What makes Solomon's success story so amazing is his circuitous route to the pros. For starters, he quit the Madison (Fla.) High football team after his junior year. "I was a maverick," he says. "I was independent. I wanted to play by my rules. I used the time off to better myself academically."

But because he had quit the team, no colleges offered him an athletic scholarship. So, Solomon went to North Florida Junior College and played two years on an intramural flag-football team called the Funk Buddies. "We cleaned up," he says. "We won the school championship twice."

As a junior, Solomon was a walk-on at Florida State. But he failed to win a scholarship, started only one game—as a junior—and was a backup his senior season. "I could have been first team, but I refused to go through the off-season weight program," says Solomon, who graduated with a degree in political science and a coaching certificate. "I kept striving. I wanted to know about the world outside my home. How did people acquire money?"

A couple of weeks after the draft, Solomon walked into the office of Mike Lynn, the Vikings' general manager, unannounced.

"You doing my contract?" Solomon asked. Lynn explained that Jeff Diamond, Lynn's assistant, handled contracts of low-round draft picks.

"Well, you should," Solomon said. "Because I'm going to make your team."

"Who are you?" Lynn said.

Mark Clayton, the Dolphins All-Pro receiver, was having trouble seeing the ball in training camp. "I could see it being released from Dan Marino's hands but when it got close—5 or 10 yards from me—I couldn't see it clearly," Clayton remembers. "I was dropping a lot of easy balls."

So Clayton had his eyes checked and found he was nearsighted. Now he wears contacts under his protective goggles. Through five games, he had caught 24 passes for 497 yards and 4 touchdowns, and his 20.7 yards-per-catch average was second in the NFL. "Last year, I'd have tremendous headaches after games. My eyes were extremely tired," Clayton says. "I had been straining them and I didn't know it. I couldn't even judge the ball's speed."

In the first four years of his life, Chiefs rookie punter Lewis Colbert went through four operations and had to wear five-pound casts and braces on both of his legs—all to correct his clubfeet. Doctors said he would never walk normally. But Frances Colbert, his mother, widowed when Lewis was four, encouraged her son to take up sports—mostly baseball—to give him a feeling of freedom. His doctors, however, forbade him to play football. "They felt that if I broke my leg, it wouldn't heal correctly," Colbert says.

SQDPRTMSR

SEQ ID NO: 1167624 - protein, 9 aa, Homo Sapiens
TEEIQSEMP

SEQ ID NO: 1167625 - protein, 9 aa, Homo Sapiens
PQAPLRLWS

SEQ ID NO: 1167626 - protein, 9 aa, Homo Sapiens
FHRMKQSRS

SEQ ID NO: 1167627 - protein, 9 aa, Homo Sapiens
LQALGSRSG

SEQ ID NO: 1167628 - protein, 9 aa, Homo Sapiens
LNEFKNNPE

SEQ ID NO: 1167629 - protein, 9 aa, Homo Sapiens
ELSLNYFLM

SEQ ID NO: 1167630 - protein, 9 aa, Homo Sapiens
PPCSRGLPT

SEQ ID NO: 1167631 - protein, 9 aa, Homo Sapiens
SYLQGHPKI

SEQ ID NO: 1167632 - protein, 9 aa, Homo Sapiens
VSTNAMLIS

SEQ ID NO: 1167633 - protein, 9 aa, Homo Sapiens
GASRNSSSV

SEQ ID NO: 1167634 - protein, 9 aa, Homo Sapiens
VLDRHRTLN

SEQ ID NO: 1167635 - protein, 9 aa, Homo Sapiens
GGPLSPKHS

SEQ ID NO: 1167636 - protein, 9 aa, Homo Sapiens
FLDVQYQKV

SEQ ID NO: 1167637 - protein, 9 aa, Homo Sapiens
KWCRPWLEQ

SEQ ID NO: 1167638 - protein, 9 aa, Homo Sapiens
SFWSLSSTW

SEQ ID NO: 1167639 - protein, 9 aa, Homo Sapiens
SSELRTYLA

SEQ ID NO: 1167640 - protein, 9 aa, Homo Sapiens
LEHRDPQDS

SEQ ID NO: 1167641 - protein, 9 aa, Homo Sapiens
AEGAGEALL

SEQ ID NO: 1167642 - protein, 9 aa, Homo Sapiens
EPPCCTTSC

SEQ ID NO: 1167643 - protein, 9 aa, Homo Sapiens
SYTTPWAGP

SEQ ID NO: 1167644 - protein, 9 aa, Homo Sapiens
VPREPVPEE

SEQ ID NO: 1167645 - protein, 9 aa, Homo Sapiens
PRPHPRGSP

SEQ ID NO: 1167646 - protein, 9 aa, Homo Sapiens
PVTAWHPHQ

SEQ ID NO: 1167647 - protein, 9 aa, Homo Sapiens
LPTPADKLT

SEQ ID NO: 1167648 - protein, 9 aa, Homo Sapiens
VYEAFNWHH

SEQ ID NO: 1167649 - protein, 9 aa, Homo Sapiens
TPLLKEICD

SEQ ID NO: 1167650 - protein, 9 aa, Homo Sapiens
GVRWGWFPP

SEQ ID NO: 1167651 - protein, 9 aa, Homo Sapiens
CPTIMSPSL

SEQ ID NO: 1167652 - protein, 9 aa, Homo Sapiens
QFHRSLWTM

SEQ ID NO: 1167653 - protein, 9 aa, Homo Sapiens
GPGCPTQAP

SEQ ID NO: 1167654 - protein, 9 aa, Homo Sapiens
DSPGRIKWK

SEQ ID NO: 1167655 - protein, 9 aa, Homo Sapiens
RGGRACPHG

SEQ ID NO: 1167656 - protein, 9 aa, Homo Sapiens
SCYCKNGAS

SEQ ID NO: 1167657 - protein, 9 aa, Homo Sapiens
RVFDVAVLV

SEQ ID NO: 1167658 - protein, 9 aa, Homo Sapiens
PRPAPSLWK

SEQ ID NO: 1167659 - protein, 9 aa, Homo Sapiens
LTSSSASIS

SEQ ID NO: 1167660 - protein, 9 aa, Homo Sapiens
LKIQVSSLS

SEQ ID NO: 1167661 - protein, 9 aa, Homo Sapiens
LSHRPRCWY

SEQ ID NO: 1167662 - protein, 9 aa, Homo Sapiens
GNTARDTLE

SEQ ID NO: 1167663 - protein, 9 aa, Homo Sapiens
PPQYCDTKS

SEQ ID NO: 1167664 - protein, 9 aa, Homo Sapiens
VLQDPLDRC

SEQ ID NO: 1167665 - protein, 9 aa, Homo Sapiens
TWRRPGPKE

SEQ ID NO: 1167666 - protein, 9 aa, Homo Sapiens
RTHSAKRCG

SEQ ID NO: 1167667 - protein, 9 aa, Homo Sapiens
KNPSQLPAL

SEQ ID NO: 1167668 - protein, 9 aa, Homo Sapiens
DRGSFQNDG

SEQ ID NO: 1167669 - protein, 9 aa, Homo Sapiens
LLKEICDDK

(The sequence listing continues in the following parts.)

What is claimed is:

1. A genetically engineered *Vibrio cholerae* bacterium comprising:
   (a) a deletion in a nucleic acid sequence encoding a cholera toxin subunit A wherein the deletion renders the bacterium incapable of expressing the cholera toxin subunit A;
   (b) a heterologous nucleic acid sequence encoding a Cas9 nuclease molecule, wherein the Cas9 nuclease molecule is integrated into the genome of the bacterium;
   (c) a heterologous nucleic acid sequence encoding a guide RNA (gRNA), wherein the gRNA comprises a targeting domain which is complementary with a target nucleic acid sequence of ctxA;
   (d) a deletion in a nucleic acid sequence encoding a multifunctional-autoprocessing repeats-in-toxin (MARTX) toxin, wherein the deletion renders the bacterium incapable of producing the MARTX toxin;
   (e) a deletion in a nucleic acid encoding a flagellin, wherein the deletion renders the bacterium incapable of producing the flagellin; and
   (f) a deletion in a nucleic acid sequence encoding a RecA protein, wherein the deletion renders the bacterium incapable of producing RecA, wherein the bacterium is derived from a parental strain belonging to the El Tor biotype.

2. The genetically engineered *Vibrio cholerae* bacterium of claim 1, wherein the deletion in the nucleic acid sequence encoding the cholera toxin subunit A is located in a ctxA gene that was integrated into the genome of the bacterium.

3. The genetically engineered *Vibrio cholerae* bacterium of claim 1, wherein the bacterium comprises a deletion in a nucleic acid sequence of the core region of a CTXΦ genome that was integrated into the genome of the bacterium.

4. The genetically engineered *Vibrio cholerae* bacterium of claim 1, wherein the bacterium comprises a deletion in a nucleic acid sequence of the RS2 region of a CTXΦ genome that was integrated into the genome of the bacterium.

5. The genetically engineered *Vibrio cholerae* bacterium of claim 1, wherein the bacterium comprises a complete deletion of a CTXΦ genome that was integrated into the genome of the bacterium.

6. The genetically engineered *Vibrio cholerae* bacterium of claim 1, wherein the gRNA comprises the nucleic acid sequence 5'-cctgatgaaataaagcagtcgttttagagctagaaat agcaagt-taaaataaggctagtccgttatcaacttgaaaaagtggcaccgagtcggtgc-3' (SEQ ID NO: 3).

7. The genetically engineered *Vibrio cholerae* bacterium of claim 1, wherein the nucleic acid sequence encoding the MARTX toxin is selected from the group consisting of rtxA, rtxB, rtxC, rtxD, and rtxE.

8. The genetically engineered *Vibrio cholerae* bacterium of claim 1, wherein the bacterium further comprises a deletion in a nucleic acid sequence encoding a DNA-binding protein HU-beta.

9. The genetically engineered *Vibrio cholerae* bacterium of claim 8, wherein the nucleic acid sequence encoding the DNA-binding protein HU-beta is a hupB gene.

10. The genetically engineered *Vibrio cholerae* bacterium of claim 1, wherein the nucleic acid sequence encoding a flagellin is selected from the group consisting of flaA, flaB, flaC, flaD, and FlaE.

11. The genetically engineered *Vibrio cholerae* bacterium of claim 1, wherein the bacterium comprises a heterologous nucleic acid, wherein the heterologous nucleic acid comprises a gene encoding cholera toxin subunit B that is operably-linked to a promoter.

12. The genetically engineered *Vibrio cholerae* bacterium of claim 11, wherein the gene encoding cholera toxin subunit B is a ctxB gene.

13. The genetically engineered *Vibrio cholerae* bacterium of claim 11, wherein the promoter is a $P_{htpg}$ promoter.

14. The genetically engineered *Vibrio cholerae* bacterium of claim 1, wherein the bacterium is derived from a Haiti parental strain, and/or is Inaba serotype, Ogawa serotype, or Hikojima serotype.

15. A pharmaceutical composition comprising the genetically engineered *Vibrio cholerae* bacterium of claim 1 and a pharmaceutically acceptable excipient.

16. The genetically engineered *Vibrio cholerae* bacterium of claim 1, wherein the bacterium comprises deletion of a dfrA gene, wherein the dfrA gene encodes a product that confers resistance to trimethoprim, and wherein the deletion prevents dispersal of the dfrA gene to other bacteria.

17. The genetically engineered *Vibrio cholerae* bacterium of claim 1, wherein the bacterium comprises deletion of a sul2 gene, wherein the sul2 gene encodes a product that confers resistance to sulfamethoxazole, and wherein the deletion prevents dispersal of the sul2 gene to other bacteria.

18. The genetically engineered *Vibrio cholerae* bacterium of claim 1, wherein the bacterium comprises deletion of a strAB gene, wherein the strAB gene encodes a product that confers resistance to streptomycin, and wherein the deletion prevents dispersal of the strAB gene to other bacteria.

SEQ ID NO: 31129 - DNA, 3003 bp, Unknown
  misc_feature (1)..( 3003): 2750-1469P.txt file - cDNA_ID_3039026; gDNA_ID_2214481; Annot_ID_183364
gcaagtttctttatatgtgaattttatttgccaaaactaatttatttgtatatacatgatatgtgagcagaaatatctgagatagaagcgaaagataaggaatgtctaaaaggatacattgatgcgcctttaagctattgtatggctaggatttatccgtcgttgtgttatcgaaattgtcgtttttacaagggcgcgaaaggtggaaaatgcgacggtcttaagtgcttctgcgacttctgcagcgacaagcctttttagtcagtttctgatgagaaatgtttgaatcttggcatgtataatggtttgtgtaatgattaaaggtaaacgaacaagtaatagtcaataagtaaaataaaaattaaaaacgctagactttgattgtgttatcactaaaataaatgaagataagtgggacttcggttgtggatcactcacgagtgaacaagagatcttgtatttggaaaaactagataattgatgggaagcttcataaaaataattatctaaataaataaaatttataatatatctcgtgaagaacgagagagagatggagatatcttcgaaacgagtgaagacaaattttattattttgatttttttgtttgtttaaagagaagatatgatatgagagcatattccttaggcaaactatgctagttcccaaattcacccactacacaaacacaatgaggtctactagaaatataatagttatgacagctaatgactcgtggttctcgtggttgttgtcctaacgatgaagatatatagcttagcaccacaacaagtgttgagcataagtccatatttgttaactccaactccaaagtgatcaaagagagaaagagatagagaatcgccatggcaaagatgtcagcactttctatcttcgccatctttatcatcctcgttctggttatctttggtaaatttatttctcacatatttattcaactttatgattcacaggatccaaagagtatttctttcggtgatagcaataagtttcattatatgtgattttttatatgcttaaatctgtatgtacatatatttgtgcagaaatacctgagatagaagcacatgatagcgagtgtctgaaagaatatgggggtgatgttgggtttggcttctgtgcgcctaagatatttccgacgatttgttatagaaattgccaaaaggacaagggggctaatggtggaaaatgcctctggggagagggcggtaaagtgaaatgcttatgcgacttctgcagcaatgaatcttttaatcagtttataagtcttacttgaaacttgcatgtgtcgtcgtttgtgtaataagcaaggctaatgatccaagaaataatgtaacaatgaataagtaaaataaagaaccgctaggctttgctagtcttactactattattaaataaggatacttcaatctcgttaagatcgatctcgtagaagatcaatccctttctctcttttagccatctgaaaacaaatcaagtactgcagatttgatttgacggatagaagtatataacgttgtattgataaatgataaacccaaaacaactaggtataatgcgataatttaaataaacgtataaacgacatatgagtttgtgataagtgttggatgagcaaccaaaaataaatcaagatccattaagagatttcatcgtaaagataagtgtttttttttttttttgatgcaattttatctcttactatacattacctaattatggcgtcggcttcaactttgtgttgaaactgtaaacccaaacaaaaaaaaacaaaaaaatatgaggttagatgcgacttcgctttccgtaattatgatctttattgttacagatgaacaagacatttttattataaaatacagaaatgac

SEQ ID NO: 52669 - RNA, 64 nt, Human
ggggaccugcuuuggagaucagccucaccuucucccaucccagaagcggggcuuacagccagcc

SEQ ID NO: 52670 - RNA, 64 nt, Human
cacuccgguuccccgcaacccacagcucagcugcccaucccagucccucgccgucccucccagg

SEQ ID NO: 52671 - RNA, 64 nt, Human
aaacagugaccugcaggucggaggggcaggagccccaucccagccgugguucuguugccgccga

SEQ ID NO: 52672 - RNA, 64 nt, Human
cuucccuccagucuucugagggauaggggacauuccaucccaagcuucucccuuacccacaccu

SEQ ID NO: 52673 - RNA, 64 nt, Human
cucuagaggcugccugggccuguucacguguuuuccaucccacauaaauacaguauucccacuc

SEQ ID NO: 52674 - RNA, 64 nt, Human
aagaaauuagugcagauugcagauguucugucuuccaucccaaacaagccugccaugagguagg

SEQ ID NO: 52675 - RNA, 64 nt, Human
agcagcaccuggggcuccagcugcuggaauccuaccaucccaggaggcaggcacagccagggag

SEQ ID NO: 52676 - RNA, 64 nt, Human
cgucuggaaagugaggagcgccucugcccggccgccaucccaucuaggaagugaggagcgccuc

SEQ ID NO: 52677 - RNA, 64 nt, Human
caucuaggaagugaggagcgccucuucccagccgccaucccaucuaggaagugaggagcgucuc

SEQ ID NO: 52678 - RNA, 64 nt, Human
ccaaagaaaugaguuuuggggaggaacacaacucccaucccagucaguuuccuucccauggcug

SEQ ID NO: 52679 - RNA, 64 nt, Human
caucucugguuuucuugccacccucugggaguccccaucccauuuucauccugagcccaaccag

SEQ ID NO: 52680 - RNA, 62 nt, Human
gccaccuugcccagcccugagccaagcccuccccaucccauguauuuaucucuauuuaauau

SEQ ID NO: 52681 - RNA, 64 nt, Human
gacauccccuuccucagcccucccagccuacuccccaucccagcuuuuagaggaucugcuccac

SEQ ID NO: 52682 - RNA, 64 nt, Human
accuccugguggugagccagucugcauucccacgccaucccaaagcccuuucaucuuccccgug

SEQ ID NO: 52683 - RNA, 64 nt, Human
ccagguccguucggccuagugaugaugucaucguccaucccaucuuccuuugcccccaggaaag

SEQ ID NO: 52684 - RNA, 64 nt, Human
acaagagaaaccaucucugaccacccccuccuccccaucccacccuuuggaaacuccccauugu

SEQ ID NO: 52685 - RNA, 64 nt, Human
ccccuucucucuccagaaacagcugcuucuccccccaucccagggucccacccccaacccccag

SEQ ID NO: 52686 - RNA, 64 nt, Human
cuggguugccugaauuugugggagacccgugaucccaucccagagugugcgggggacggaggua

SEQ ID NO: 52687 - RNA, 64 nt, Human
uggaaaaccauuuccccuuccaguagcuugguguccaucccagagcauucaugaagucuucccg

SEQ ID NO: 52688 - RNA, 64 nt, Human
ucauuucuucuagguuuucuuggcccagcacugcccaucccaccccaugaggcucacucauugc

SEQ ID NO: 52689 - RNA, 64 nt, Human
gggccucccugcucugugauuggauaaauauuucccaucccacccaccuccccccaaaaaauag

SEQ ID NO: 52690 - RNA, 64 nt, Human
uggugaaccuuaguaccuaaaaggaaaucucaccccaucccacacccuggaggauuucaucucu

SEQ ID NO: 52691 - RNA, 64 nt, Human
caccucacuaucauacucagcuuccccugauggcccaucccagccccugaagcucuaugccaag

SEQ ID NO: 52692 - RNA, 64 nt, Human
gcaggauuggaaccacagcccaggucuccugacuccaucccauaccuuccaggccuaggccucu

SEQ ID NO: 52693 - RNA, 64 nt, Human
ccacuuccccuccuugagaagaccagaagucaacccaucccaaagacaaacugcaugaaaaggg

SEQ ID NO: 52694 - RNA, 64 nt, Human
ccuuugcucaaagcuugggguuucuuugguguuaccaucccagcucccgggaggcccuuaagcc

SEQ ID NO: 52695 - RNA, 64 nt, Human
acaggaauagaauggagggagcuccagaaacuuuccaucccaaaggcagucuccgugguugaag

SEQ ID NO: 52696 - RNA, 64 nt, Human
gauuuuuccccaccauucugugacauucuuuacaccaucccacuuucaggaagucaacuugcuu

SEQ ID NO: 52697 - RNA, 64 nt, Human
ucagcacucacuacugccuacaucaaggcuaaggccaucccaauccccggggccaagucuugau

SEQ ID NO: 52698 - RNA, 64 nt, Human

As a sophomore and junior, Colbert was the manager of the football team at Glenwood Academy in Phenix City, Ala. "I'd hang out on the sidelines during practice and punt footballs," he says. The summer before his senior year Colbert couldn't stand it anymore. He tried out for—and made—the team as the punter, using his right foot.

That foot is a size smaller than his left; his right leg is 1½ inches shorter. Still, Colbert averaged 42.1 yards per punt. When he got to Auburn, he decided he wanted to continue with football. He was a walk-on, but by his sophomore season he had earned a scholarship. As a senior he was fourth in the nation in gross yards (45.8), second in net yards (42.9) and an All-America.

The Chiefs drafted him in the eighth round. Colbert, who beat out veteran Jim Arnold, is averaging 40.5 yards per punt, and has had one punt with an incredible hang time of 5.43 seconds.

View this article in the original magazine

PHOTOCARL IWASAKIChavous may be long gone from the Broncos, but he still has a place in Denver's locker room.PHOTOTONY TOMSICSolomon has taken a circuitous route to success.SIX ILLUSTRATIONS

PLAYERS OF THE WEEK

OFFENSE: 49er wide receiver Jerry Rice caught 6 passes for 172 yards and 3 touchdowns—(6 on the season) tying a club record shared by four others—as San Francisco defeated the Colts 35-14.

DEFENSE: Eagles linebacker Garry Cobb had 9 tackles, 4 sacks, knocked down a pass, recovered a fumble and caused another in Philly's 16-0 victory over the previously undefeated Atlanta Falcons.

QUICK COUNT

The Dallas Cowboys-Washington Redskins game this Sunday is one of the most famed rivalries in pro football. However, it is a relatively new matchup—the teams first met in 1960—and it is not that competitive: Dallas leads the series 30-20-2. Here are the 15 most competitive rivalries in the NFL (50 or more meetings):

LEADER-OPPONENT

RECORD

FIRST GAME

NY Jets-Buffalo

27-26-0

1960

Minnesota-Green Bay

25-24-1

1961

LA Rams-Detroit

36-34-1

1937

San Diego-Kansas City

26-24-1

1960

Minnesota-Chicago

25-23-2

1961

San Diego-Denver

27-24-1

1960

Detroit-San Francisco

26-23-1

1950

LA Rams-Green Bay

39-34-2

1937

St. Louis-Philadelphia

40-34-4

1935

Green Bay-Detroit

57-47-7

1930

New England-Buffalo

28-23-1

1960

NY Giants-Philadelphia

56-45-2

1933

NY Giants-Washington

58-46-3

1932

NY Jets-New England

29-23-1

1960

Chicago-Green Bay

71-55-6

1921